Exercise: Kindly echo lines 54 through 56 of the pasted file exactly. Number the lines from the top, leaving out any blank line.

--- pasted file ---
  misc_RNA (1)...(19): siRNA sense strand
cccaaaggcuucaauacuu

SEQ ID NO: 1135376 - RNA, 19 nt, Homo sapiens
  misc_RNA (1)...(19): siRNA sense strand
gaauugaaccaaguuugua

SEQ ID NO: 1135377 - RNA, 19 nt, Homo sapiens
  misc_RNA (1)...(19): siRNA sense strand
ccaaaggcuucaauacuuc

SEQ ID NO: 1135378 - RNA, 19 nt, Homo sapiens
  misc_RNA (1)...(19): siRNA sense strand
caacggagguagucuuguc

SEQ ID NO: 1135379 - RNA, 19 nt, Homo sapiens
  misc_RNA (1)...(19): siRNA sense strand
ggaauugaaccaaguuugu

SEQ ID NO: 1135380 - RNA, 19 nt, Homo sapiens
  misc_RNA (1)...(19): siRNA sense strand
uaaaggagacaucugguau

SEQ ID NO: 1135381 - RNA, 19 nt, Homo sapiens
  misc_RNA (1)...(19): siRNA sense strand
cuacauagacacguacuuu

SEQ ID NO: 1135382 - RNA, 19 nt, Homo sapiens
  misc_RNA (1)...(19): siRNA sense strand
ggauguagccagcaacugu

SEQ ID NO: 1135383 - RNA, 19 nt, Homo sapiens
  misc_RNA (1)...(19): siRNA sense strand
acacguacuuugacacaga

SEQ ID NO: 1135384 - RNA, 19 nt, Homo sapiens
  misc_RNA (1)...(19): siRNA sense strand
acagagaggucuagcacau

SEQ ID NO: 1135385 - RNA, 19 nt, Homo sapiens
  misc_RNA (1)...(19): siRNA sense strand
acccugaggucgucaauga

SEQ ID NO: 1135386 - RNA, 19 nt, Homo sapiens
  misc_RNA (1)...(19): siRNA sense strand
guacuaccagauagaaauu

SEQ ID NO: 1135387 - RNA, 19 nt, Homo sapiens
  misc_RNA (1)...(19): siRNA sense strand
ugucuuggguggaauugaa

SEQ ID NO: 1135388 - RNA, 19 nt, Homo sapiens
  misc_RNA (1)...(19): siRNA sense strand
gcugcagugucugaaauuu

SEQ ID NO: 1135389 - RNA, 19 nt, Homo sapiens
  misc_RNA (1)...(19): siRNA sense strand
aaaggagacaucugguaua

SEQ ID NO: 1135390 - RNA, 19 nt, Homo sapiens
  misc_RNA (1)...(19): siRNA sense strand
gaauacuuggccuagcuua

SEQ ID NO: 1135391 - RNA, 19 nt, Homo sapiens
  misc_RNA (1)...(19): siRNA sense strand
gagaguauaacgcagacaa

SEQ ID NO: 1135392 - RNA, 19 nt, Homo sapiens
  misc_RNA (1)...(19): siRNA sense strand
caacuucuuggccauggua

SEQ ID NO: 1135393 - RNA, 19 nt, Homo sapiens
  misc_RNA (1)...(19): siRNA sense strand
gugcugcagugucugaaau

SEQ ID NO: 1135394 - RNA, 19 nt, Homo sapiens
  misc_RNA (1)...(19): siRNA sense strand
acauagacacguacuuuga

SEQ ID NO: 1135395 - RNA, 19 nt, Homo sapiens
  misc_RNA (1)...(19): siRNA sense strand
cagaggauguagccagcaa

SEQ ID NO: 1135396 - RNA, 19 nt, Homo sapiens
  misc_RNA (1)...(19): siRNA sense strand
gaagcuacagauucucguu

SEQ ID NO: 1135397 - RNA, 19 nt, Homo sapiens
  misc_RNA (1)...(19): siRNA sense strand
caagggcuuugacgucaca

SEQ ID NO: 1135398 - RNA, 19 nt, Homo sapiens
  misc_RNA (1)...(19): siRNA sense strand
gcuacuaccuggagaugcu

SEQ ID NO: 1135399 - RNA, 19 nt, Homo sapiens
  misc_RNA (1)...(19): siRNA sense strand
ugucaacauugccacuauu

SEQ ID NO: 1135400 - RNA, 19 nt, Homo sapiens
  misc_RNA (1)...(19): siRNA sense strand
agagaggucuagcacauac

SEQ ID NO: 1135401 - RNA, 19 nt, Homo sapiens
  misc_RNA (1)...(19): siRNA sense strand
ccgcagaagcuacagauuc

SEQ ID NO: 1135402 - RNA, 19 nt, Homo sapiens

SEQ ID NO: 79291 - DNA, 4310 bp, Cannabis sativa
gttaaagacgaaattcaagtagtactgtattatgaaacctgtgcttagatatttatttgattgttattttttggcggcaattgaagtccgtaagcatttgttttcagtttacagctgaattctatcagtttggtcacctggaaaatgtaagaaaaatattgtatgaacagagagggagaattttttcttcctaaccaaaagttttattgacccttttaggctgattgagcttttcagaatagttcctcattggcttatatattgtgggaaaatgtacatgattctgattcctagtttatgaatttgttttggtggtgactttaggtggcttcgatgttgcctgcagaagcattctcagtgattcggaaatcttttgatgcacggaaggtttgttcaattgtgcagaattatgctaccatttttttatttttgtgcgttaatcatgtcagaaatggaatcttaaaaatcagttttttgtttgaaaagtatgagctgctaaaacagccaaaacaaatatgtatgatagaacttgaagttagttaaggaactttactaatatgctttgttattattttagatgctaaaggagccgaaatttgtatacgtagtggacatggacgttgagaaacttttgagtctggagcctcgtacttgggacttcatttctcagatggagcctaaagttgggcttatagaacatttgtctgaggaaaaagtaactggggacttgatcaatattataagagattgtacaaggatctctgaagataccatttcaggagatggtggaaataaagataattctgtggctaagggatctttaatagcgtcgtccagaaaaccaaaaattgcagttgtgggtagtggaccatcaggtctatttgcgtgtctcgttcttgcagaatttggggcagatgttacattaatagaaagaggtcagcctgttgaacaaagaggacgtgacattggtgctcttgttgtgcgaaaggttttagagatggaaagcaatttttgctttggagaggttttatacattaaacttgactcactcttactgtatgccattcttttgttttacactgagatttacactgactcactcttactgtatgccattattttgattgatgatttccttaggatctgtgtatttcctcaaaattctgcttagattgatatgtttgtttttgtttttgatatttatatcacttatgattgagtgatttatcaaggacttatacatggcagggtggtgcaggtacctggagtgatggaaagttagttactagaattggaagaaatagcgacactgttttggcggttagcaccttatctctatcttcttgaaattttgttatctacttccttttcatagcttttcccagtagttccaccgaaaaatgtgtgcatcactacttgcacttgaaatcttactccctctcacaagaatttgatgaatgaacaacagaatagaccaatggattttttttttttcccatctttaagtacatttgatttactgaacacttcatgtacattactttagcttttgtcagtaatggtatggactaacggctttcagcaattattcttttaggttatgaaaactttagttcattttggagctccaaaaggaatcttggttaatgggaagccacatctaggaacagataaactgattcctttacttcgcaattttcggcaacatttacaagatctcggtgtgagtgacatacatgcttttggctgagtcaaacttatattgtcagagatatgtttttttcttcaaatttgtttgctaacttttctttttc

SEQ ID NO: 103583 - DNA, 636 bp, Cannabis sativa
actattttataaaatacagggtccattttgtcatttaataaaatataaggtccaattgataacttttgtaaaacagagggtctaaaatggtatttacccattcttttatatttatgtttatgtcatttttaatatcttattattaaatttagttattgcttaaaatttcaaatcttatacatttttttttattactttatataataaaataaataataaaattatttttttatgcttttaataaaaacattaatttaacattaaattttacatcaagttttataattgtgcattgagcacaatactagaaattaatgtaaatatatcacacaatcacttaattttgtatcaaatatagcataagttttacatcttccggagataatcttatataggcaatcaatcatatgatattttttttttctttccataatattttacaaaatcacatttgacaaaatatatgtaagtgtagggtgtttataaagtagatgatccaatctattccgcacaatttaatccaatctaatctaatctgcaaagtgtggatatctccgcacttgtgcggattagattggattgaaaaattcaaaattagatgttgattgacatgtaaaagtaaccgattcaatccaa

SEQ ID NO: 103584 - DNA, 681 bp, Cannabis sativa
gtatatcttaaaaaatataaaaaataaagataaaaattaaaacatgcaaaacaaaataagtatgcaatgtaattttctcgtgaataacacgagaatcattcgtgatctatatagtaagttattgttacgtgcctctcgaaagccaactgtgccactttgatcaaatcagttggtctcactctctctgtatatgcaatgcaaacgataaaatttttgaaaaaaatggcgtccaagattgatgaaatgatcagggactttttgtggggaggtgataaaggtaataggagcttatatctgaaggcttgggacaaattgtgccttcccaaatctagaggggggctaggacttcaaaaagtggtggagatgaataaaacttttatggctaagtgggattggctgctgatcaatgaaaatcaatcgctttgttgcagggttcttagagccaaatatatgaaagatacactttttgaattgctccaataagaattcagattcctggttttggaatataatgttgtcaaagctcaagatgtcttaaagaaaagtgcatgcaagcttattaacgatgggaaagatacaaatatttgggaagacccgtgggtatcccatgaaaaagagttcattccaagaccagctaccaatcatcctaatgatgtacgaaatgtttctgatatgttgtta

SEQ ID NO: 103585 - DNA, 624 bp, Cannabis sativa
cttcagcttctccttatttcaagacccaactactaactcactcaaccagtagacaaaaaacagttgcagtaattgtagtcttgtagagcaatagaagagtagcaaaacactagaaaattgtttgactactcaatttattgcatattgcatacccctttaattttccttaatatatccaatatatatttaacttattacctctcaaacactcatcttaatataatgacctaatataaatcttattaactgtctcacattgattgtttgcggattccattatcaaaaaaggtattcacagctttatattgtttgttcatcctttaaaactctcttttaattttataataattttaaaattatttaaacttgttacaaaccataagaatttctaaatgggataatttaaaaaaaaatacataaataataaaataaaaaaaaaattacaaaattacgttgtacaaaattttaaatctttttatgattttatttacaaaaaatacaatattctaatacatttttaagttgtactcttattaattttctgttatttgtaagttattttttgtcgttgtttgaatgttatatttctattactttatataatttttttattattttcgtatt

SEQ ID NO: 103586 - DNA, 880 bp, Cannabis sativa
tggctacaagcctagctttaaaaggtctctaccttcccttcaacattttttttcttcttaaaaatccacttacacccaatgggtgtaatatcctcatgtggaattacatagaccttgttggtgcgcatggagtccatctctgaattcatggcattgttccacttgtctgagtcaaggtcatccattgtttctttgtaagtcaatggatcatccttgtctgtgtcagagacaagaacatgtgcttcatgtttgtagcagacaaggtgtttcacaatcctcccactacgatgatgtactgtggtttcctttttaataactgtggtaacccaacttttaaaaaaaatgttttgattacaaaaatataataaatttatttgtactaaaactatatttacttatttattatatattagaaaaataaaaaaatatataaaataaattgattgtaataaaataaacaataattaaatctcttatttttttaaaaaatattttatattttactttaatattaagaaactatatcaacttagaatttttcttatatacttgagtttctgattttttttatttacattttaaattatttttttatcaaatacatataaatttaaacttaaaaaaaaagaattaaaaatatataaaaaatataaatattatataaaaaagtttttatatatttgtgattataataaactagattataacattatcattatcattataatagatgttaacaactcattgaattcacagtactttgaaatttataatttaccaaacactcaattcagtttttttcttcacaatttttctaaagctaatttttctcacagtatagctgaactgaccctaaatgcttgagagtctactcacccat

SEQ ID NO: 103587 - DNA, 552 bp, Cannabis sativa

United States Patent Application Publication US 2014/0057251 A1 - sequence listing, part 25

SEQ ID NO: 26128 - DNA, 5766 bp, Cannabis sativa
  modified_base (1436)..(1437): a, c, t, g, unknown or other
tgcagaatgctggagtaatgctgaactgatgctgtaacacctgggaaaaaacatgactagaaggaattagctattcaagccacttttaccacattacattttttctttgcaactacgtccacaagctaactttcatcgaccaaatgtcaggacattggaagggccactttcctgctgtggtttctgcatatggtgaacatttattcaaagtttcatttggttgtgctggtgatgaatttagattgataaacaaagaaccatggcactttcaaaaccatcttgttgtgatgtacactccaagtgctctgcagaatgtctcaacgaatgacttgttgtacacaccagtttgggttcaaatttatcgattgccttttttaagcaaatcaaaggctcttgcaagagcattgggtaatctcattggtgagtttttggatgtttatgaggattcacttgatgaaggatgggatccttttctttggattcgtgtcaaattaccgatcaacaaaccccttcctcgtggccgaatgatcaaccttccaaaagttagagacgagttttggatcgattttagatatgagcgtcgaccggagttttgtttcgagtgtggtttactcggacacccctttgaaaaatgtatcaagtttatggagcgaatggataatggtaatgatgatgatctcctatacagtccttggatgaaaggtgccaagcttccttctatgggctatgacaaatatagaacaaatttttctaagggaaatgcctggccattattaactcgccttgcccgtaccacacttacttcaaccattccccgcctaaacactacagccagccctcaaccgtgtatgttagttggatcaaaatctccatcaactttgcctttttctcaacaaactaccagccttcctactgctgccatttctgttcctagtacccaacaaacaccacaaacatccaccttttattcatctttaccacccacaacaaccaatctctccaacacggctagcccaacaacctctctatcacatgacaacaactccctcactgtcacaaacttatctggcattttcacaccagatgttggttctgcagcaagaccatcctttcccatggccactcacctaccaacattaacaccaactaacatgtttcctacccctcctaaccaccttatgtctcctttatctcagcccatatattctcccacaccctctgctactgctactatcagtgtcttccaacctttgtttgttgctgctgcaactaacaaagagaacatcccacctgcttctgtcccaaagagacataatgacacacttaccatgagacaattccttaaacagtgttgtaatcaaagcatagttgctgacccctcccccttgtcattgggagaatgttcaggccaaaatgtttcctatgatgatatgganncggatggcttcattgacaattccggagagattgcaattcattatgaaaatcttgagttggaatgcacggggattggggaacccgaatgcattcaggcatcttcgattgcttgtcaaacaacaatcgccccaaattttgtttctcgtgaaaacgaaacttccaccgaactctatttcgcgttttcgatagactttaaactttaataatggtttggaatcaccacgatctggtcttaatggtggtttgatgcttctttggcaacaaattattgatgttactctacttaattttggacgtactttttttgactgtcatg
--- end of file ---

SEQ ID NO: 1135393 - RNA, 19 nt, Homo sapiens
  misc_RNA (1)...(19): siRNA sense strand
gugcugcagugucugaaau